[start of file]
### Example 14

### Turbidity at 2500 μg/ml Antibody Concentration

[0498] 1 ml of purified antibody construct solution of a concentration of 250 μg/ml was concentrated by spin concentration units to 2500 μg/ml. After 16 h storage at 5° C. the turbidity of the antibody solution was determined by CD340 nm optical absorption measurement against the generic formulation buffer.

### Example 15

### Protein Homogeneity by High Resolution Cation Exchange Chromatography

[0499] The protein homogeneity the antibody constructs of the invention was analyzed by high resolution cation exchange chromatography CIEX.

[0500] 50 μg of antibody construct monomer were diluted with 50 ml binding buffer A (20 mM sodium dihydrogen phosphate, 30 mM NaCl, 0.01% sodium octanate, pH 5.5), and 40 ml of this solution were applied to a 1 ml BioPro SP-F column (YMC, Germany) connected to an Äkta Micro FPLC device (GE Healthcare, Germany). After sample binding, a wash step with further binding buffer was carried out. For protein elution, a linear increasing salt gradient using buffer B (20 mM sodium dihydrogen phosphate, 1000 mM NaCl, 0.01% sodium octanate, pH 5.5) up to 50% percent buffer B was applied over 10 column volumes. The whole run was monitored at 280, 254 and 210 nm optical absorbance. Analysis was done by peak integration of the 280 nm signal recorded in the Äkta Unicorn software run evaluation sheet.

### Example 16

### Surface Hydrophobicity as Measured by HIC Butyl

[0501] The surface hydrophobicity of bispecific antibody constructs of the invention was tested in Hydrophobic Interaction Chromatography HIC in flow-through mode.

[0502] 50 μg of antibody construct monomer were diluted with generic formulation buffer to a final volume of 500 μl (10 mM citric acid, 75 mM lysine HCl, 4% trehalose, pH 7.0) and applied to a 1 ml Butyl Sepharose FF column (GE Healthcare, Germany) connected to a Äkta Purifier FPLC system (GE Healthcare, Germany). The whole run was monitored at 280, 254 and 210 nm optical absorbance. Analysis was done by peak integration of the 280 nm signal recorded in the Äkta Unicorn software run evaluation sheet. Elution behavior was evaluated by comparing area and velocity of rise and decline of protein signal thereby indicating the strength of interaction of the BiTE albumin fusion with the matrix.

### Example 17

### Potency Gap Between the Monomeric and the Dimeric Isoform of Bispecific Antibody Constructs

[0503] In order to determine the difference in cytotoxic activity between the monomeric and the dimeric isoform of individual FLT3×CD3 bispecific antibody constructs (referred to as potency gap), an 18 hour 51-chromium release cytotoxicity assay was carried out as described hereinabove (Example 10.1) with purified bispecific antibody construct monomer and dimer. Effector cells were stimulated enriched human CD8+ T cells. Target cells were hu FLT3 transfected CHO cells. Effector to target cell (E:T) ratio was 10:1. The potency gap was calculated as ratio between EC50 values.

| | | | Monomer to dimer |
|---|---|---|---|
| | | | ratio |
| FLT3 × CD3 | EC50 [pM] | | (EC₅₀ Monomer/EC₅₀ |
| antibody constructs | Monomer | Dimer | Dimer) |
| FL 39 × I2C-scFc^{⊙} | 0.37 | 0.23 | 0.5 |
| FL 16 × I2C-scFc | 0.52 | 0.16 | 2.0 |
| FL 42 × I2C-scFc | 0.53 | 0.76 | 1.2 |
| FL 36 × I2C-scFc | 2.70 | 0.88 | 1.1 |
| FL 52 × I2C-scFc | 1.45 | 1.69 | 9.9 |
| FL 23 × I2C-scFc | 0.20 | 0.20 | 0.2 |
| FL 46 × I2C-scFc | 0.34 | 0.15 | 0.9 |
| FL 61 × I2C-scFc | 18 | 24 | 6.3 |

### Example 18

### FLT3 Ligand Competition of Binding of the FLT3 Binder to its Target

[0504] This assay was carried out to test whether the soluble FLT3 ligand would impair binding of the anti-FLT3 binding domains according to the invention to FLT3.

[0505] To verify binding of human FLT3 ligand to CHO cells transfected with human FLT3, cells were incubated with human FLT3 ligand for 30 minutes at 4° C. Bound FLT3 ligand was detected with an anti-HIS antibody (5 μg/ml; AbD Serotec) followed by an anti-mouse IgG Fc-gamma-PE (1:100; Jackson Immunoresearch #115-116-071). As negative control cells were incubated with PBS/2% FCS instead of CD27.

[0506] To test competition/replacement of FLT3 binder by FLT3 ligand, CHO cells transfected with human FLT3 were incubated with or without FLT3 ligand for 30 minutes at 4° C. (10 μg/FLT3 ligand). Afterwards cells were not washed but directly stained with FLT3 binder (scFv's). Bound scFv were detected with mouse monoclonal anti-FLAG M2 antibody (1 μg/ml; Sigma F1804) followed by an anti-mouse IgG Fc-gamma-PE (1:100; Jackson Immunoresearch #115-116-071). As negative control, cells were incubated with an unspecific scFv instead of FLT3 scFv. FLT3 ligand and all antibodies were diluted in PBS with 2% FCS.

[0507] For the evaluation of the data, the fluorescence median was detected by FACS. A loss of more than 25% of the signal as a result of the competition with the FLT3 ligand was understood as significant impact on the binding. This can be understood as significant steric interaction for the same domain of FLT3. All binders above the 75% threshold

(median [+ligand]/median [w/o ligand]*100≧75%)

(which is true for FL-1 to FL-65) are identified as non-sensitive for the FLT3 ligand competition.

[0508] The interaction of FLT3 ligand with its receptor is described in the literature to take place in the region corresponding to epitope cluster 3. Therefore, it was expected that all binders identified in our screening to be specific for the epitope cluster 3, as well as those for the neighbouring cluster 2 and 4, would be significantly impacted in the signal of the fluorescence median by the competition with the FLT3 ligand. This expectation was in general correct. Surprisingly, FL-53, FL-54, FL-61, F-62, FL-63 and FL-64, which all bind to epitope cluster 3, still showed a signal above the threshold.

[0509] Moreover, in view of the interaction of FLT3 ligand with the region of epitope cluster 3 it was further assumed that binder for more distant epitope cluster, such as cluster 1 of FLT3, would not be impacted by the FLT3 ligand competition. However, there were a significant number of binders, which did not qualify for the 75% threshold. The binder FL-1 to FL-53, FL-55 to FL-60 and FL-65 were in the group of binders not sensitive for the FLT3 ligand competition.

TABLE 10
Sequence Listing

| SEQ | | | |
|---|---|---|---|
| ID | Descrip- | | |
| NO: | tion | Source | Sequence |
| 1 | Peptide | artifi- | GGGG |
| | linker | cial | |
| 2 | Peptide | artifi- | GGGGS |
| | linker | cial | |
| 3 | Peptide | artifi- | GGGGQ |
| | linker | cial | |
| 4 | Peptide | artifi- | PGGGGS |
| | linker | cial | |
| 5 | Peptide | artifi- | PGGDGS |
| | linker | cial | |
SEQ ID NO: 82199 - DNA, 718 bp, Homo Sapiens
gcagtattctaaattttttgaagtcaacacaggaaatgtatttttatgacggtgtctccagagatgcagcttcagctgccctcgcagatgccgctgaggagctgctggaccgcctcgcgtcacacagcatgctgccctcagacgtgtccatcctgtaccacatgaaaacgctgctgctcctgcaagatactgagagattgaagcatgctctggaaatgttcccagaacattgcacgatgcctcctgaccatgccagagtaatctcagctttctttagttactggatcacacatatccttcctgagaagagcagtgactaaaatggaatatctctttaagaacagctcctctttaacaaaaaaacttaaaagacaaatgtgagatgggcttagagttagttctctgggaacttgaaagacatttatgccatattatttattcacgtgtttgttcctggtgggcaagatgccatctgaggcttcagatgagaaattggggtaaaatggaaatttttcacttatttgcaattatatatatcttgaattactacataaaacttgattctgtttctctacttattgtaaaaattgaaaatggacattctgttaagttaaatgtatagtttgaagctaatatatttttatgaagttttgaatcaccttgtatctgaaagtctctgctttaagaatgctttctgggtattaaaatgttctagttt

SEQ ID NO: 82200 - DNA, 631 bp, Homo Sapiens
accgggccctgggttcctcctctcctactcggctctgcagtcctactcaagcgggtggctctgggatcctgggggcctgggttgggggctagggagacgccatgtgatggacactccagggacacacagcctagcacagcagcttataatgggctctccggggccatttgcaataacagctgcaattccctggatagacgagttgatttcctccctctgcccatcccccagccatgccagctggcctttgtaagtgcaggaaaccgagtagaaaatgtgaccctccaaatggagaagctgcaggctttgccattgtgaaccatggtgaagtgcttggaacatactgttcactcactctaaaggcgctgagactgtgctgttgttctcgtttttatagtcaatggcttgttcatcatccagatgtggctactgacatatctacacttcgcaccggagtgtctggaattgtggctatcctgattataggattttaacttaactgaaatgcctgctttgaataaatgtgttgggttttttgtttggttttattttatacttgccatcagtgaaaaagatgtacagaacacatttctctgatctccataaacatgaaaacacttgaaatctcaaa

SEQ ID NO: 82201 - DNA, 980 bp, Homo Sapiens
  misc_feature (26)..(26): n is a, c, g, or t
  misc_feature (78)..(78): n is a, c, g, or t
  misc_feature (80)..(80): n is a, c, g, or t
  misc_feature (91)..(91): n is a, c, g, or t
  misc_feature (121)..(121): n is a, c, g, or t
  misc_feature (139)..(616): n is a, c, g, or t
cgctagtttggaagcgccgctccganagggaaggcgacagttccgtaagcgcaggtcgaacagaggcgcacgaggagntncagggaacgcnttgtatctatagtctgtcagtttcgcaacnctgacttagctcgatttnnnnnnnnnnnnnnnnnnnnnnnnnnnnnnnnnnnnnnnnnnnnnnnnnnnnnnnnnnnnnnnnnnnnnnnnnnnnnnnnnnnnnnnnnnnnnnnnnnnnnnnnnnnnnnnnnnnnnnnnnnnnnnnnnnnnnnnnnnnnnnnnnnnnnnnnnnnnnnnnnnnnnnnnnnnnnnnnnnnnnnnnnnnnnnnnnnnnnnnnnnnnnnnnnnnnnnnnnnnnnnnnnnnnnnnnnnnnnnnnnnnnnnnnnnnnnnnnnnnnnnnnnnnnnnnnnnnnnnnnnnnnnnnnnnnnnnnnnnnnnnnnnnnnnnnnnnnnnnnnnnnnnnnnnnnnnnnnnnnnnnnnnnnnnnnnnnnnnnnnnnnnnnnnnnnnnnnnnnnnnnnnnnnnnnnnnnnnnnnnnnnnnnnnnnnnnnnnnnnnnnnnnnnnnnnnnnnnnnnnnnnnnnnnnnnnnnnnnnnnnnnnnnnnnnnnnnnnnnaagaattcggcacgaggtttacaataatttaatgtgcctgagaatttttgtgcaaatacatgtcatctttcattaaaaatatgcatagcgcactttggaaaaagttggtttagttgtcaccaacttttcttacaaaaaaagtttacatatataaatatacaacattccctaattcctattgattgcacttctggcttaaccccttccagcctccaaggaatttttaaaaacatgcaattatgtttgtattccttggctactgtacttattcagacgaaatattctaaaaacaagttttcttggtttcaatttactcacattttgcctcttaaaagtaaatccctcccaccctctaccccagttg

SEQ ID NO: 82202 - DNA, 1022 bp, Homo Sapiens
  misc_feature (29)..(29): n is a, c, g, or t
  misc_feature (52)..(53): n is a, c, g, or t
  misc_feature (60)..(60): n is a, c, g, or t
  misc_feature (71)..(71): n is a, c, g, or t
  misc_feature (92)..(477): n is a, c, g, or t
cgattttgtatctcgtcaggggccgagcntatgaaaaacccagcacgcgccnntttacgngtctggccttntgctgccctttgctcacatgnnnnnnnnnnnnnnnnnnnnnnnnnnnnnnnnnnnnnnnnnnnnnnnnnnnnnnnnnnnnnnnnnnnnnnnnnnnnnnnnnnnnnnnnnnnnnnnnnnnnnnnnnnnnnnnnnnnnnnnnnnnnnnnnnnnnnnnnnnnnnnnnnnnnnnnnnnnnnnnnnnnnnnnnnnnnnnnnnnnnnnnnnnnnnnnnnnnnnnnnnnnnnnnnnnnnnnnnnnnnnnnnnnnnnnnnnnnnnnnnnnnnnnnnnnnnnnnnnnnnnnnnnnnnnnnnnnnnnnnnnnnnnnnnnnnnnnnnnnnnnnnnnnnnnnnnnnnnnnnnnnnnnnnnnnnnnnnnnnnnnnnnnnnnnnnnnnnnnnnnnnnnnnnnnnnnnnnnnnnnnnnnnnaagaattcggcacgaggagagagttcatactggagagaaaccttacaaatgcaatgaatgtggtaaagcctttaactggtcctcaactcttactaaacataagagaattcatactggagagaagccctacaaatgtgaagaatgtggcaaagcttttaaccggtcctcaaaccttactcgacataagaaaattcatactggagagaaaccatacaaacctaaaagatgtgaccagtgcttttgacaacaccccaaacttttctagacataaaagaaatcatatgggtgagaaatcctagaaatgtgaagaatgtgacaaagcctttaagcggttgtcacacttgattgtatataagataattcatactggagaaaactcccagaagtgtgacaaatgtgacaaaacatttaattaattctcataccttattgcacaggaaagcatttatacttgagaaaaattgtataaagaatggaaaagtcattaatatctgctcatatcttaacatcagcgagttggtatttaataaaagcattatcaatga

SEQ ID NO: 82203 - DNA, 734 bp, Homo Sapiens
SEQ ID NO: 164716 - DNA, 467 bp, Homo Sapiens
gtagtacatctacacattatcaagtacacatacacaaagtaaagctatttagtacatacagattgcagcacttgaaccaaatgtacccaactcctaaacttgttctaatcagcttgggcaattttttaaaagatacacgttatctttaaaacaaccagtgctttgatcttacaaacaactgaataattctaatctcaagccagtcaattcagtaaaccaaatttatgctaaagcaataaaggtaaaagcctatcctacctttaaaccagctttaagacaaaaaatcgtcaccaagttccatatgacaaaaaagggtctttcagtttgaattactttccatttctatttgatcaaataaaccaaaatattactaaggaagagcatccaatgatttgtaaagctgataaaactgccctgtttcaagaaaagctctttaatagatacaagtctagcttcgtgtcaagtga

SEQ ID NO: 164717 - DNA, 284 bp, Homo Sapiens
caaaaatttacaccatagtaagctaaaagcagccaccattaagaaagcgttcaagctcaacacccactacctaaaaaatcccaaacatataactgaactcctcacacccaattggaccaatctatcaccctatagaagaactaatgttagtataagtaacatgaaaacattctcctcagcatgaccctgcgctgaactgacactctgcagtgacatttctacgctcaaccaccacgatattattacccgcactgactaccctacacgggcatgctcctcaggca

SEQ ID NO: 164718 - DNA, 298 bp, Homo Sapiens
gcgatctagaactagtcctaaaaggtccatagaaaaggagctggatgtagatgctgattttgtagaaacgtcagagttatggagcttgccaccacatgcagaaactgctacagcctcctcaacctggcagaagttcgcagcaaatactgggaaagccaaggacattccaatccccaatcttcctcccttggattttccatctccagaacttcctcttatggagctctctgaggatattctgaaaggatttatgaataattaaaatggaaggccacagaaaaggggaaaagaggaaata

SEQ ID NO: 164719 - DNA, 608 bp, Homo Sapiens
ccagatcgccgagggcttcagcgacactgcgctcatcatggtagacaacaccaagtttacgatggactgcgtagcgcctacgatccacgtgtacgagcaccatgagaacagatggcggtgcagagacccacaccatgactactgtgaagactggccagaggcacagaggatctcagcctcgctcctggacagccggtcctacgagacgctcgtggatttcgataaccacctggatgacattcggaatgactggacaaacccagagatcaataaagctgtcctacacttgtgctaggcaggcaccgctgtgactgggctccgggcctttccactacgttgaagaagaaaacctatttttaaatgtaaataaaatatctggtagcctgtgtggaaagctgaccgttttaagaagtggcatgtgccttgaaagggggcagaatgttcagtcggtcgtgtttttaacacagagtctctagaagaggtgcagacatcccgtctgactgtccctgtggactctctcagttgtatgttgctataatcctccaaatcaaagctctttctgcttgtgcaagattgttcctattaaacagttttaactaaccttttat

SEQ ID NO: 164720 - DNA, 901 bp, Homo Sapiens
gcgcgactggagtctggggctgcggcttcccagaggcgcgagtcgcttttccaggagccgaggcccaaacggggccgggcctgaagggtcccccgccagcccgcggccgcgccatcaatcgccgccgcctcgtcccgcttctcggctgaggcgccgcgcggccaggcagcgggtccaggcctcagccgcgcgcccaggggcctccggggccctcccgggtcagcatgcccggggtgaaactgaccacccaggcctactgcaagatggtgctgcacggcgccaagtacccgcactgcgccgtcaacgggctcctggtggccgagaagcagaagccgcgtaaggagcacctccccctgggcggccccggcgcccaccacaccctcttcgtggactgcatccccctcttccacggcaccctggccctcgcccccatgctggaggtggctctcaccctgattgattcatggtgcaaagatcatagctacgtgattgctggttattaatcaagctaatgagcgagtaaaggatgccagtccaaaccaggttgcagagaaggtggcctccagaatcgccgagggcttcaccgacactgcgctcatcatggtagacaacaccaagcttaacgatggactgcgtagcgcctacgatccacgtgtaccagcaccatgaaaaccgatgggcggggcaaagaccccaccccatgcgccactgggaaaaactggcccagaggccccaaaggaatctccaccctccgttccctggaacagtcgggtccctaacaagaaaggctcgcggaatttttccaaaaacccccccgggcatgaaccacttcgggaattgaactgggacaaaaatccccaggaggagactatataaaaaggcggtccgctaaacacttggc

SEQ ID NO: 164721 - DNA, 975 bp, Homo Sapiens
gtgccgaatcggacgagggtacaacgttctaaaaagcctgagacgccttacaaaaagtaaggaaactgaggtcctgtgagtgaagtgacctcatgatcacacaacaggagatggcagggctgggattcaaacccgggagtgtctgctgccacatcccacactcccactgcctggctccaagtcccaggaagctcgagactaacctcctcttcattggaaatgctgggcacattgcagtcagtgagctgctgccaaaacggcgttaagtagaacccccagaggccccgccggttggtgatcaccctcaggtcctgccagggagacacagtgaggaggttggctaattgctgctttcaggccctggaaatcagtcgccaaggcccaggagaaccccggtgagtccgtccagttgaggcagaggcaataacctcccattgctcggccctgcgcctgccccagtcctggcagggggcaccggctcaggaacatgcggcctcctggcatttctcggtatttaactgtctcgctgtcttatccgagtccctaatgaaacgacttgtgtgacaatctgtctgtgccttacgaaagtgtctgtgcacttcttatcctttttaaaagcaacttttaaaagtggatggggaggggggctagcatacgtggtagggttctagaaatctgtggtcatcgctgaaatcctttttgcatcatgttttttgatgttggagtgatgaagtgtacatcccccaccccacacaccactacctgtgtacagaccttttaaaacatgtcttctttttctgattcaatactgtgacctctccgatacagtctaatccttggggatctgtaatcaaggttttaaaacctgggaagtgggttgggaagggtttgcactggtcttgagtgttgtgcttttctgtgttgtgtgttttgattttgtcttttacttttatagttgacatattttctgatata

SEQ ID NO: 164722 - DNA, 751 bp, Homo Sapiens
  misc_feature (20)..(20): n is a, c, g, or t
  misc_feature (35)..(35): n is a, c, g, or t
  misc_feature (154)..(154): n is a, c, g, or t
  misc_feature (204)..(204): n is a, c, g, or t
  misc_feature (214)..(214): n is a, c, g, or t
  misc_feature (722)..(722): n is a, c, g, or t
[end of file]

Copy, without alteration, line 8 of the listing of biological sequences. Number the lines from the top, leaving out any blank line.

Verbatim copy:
### Example 16